When Michelle was made redundant last year, she launched her own personalised embroidery business, The Personal Sugarmouse.

The business, based in Tan Baby – a shop run by her daughter, Ashlee, in Barnard Castle – specialises in personalised clothing and, since the lockdown, personalised face masks for businesses have been in big demand.

To mark the 25th anniversary, she has donated commemorative face masks for the home care team.

Michelle said: “Demand for the face masks has been phenomenal, so it seemed a nice way to support an amazing charity.”

Home care co-ordinator, Joanne Stamp, said: “It’s a lovely gesture and the team will wear the masks with pride.”

To find out more, search for ‘Personal Sugarmouse’ on Facebook.

STICKING with the Butterwick, a big well done to Andrew Hughes, another enterprising supporter of the hospice.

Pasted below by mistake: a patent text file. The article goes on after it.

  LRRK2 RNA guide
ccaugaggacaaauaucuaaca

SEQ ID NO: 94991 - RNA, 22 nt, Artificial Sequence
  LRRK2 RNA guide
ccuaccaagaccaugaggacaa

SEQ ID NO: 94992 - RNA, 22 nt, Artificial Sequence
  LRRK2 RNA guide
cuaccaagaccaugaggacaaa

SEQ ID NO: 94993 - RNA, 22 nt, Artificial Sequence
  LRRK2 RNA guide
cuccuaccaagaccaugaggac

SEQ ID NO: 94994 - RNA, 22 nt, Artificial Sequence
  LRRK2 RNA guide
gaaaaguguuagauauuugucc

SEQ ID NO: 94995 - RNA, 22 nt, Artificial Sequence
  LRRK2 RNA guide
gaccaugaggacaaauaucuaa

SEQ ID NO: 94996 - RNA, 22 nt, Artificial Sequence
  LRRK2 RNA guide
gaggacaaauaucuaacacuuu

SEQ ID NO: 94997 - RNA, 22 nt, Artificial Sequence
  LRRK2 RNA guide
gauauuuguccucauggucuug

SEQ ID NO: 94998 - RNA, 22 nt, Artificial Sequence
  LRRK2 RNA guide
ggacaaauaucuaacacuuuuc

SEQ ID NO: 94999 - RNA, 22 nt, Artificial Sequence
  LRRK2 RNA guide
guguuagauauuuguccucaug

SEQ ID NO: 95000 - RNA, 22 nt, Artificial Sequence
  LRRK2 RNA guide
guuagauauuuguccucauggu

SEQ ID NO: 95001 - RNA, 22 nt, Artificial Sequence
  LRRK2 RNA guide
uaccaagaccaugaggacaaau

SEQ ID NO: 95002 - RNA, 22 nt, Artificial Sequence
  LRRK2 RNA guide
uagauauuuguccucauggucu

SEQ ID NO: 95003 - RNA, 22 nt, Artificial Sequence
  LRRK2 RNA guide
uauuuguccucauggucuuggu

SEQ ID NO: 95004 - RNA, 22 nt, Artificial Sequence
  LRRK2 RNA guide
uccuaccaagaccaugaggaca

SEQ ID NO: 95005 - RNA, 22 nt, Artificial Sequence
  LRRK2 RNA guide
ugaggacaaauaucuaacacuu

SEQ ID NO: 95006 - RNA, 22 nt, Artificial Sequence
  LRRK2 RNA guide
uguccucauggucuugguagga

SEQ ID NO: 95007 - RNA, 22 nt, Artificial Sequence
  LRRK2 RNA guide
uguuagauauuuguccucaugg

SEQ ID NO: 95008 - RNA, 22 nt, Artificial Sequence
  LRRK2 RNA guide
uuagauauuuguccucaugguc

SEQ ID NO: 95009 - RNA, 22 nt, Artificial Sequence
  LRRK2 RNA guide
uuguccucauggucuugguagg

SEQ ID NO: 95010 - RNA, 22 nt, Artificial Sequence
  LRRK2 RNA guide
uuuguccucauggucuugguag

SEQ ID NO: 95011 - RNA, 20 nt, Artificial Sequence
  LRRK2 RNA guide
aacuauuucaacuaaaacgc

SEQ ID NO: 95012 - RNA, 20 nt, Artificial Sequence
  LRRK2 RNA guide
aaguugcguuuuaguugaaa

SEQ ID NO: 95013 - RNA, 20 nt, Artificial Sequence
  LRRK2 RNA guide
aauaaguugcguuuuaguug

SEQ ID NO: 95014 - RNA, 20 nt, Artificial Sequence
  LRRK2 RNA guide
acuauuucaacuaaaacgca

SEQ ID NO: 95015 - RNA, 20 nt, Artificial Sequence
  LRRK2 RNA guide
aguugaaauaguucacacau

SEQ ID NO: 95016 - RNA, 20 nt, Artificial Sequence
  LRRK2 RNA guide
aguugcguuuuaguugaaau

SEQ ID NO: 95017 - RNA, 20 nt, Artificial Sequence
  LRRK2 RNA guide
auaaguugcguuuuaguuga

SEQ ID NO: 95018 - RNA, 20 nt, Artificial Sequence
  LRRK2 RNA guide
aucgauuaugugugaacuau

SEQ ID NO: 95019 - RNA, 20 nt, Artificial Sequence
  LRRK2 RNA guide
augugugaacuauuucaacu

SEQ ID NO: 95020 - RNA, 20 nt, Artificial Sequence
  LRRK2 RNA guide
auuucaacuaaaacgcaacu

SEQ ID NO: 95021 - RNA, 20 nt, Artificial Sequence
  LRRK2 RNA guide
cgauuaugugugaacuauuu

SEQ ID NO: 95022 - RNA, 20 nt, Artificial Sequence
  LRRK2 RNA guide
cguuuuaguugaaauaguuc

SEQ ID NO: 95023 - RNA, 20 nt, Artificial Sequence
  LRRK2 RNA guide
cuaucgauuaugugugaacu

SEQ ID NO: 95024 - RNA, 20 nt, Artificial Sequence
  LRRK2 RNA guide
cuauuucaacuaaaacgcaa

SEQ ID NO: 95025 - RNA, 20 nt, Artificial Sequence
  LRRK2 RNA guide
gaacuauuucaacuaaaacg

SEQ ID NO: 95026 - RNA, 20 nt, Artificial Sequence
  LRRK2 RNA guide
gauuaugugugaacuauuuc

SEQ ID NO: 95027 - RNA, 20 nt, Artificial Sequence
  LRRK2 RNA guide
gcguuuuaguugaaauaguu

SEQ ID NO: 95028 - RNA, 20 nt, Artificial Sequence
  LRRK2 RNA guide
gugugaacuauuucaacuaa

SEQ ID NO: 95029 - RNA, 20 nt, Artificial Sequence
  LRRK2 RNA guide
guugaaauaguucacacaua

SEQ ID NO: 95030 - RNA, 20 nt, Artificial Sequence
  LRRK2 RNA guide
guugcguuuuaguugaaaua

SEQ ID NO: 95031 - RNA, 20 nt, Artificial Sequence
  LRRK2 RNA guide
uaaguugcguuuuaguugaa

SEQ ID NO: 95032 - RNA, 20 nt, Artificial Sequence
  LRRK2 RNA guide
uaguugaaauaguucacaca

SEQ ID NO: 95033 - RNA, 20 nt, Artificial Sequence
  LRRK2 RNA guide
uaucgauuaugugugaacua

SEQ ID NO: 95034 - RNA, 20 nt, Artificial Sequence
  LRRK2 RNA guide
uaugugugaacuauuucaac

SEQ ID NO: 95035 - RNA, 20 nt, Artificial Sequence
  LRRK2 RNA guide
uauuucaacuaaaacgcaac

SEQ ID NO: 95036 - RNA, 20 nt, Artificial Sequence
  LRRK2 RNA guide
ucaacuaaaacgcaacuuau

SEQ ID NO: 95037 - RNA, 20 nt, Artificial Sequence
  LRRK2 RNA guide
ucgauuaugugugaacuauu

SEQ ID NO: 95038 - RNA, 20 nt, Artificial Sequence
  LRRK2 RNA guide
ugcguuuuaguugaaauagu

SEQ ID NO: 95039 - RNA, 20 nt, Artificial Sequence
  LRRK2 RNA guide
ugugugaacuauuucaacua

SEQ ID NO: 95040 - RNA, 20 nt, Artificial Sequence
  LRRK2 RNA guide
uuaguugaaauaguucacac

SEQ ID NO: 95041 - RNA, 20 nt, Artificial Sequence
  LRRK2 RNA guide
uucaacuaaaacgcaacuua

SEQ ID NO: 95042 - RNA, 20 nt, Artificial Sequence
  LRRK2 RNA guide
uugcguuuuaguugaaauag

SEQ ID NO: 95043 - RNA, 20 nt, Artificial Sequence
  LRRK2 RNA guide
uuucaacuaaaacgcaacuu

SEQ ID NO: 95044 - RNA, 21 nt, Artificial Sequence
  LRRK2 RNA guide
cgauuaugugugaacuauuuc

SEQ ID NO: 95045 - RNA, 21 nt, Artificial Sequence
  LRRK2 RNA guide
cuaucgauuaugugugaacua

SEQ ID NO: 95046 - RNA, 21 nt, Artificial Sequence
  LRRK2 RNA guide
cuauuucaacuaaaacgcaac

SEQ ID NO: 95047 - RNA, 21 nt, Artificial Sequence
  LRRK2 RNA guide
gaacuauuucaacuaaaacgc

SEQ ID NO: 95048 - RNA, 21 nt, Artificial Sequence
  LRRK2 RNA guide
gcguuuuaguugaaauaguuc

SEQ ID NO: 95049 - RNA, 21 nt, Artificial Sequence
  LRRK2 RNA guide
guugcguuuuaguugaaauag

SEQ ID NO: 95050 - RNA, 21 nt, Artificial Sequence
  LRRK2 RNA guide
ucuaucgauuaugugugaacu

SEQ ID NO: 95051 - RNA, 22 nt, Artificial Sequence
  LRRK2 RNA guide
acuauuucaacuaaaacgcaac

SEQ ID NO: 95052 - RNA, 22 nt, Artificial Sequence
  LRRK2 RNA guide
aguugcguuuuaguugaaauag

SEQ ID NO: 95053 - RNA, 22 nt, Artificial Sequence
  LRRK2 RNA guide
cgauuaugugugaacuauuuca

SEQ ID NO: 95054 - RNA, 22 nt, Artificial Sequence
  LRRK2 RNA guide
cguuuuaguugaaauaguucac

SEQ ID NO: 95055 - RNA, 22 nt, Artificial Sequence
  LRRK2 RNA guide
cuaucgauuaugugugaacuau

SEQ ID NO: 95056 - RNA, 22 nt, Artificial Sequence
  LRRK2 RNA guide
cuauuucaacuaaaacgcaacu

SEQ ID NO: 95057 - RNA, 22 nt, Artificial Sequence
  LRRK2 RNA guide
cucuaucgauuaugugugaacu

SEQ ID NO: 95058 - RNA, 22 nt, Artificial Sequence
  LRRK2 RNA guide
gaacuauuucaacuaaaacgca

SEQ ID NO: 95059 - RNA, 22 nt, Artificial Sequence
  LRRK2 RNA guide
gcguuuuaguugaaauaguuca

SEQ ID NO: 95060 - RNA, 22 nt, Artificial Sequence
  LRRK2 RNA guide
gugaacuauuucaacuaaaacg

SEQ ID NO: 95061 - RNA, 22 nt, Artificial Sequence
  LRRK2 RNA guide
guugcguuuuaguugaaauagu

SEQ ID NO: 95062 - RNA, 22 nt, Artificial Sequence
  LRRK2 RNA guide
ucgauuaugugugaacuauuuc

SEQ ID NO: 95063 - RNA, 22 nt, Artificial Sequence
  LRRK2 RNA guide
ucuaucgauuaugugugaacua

Andrew has raised more than £2,000 through sales of hoodies and t-shirts branded with ‘BISHUUUURP’.

Andrew said: “I only set out to raise £100 but sales have gone through the roof and it’s such a fantastic cause. We’ve even sold t-shirts to people in Australia!”

To order a t-shirt or hoodie, search for Andrew James Hughes AJ on Facebook

THE anniversary can’t pass without paying tribute to Katie Gill, who has volunteered for the hospice at Bishop Auckland for the full 25 years.

For 14 of them, Katie manicured patients’ nails and, until the lockdown, volunteered every Friday in Day Care.

Butterwick Hospice chief executive, Debbie Jones, said: “Without the dedication of amazing people like Katie, the hospice couldn’t continue and I am immensely grateful for everything she does.”

Butterwick Hospice Care has launched a 25th anniversary appeal. An anniversary gift of £25 would fund a counselling session for a bereaved family member, or a home care visit. To make a donation, go to